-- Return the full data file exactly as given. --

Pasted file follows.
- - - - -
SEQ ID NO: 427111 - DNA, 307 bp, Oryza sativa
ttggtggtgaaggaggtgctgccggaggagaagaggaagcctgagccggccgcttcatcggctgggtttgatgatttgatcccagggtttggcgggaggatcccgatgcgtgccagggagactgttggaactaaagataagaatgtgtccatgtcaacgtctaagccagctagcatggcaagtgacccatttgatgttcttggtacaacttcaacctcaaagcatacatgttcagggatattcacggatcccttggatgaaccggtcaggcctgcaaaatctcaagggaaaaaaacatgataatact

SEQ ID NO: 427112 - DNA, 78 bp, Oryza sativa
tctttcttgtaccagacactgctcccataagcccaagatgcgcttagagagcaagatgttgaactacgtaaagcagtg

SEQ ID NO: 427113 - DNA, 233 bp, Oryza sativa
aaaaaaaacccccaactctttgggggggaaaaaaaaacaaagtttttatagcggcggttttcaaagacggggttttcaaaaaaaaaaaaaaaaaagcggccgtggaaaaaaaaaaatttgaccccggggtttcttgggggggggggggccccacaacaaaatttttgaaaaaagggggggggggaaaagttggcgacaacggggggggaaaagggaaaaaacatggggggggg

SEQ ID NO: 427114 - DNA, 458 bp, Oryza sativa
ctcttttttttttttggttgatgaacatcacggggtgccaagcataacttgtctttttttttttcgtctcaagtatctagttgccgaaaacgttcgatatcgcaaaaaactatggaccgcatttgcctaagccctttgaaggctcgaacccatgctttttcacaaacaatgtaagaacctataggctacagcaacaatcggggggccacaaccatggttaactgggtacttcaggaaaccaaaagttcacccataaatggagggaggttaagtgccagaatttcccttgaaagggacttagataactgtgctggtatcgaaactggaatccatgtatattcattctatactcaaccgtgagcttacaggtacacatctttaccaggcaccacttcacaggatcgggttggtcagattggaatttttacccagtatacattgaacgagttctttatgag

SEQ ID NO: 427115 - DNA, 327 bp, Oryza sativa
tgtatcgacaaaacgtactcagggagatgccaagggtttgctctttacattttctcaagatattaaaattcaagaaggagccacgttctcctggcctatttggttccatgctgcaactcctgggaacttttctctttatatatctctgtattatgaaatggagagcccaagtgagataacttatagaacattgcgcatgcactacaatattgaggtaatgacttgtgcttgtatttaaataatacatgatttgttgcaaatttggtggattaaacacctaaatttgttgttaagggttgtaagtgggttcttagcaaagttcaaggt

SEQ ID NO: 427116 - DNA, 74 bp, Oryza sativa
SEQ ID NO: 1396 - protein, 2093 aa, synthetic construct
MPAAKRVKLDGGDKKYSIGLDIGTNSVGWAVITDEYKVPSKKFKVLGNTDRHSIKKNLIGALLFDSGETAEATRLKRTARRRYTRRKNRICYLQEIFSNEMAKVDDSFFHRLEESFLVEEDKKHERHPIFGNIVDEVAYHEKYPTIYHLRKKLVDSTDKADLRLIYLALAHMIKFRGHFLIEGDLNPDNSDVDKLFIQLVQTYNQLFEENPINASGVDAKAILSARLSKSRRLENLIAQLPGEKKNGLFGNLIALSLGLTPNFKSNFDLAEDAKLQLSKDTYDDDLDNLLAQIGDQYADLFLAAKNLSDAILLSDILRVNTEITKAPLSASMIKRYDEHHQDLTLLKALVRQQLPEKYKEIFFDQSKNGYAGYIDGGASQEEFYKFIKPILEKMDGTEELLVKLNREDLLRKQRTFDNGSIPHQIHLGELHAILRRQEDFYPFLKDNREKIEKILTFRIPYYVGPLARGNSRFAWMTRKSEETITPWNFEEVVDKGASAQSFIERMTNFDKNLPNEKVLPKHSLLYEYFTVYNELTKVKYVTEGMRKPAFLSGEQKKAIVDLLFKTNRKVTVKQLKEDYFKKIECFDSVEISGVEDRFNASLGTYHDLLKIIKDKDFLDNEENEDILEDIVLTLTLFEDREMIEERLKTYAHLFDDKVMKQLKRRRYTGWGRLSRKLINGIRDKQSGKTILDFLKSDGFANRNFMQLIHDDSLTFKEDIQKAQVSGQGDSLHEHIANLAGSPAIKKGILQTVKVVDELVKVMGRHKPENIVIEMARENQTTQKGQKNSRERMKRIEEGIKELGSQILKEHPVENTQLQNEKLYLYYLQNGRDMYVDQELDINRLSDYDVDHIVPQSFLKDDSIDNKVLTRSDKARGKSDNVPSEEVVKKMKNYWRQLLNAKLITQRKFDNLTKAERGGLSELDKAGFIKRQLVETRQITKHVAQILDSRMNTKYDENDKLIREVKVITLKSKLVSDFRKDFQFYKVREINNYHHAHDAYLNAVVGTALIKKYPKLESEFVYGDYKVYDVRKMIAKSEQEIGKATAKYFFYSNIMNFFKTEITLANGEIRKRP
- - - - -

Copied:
SEQ ID NO: 427111 - DNA, 307 bp, Oryza sativa
ttggtggtgaaggaggtgctgccggaggagaagaggaagcctgagccggccgcttcatcggctgggtttgatgatttgatcccagggtttggcgggaggatcccgatgcgtgccagggagactgttggaactaaagataagaatgtgtccatgtcaacgtctaagccagctagcatggcaagtgacccatttgatgttcttggtacaacttcaacctcaaagcatacatgttcagggatattcacggatcccttggatgaaccggtcaggcctgcaaaatctcaagggaaaaaaacatgataatact

SEQ ID NO: 427112 - DNA, 78 bp, Oryza sativa
tctttcttgtaccagacactgctcccataagcccaagatgcgcttagagagcaagatgttgaactacgtaaagcagtg

SEQ ID NO: 427113 - DNA, 233 bp, Oryza sativa
aaaaaaaacccccaactctttgggggggaaaaaaaaacaaagtttttatagcggcggttttcaaagacggggttttcaaaaaaaaaaaaaaaaaagcggccgtggaaaaaaaaaaatttgaccccggggtttcttgggggggggggggccccacaacaaaatttttgaaaaaagggggggggggaaaagttggcgacaacggggggggaaaagggaaaaaacatggggggggg

SEQ ID NO: 427114 - DNA, 458 bp, Oryza sativa
ctcttttttttttttggttgatgaacatcacggggtgccaagcataacttgtctttttttttttcgtctcaagtatctagttgccgaaaacgttcgatatcgcaaaaaactatggaccgcatttgcctaagccctttgaaggctcgaacccatgctttttcacaaacaatgtaagaacctataggctacagcaacaatcggggggccacaaccatggttaactgggtacttcaggaaaccaaaagttcacccataaatggagggaggttaagtgccagaatttcccttgaaagggacttagataactgtgctggtatcgaaactggaatccatgtatattcattctatactcaaccgtgagcttacaggtacacatctttaccaggcaccacttcacaggatcgggttggtcagattggaatttttacccagtatacattgaacgagttctttatgag

SEQ ID NO: 427115 - DNA, 327 bp, Oryza sativa
tgtatcgacaaaacgtactcagggagatgccaagggtttgctctttacattttctcaagatattaaaattcaagaaggagccacgttctcctggcctatttggttccatgctgcaactcctgggaacttttctctttatatatctctgtattatgaaatggagagcccaagtgagataacttatagaacattgcgcatgcactacaatattgaggtaatgacttgtgcttgtatttaaataatacatgatttgttgcaaatttggtggattaaacacctaaatttgttgttaagggttgtaagtgggttcttagcaaagttcaaggt

SEQ ID NO: 427116 - DNA, 74 bp, Oryza sativa
SEQ ID NO: 1396 - protein, 2093 aa, synthetic construct
MPAAKRVKLDGGDKKYSIGLDIGTNSVGWAVITDEYKVPSKKFKVLGNTDRHSIKKNLIGALLFDSGETAEATRLKRTARRRYTRRKNRICYLQEIFSNEMAKVDDSFFHRLEESFLVEEDKKHERHPIFGNIVDEVAYHEKYPTIYHLRKKLVDSTDKADLRLIYLALAHMIKFRGHFLIEGDLNPDNSDVDKLFIQLVQTYNQLFEENPINASGVDAKAILSARLSKSRRLENLIAQLPGEKKNGLFGNLIALSLGLTPNFKSNFDLAEDAKLQLSKDTYDDDLDNLLAQIGDQYADLFLAAKNLSDAILLSDILRVNTEITKAPLSASMIKRYDEHHQDLTLLKALVRQQLPEKYKEIFFDQSKNGYAGYIDGGASQEEFYKFIKPILEKMDGTEELLVKLNREDLLRKQRTFDNGSIPHQIHLGELHAILRRQEDFYPFLKDNREKIEKILTFRIPYYVGPLARGNSRFAWMTRKSEETITPWNFEEVVDKGASAQSFIERMTNFDKNLPNEKVLPKHSLLYEYFTVYNELTKVKYVTEGMRKPAFLSGEQKKAIVDLLFKTNRKVTVKQLKEDYFKKIECFDSVEISGVEDRFNASLGTYHDLLKIIKDKDFLDNEENEDILEDIVLTLTLFEDREMIEERLKTYAHLFDDKVMKQLKRRRYTGWGRLSRKLINGIRDKQSGKTILDFLKSDGFANRNFMQLIHDDSLTFKEDIQKAQVSGQGDSLHEHIANLAGSPAIKKGILQTVKVVDELVKVMGRHKPENIVIEMARENQTTQKGQKNSRERMKRIEEGIKELGSQILKEHPVENTQLQNEKLYLYYLQNGRDMYVDQELDINRLSDYDVDHIVPQSFLKDDSIDNKVLTRSDKARGKSDNVPSEEVVKKMKNYWRQLLNAKLITQRKFDNLTKAERGGLSELDKAGFIKRQLVETRQITKHVAQILDSRMNTKYDENDKLIREVKVITLKSKLVSDFRKDFQFYKVREINNYHHAHDAYLNAVVGTALIKKYPKLESEFVYGDYKVYDVRKMIAKSEQEIGKATAKYFFYSNIMNFFKTEITLANGEIRKRP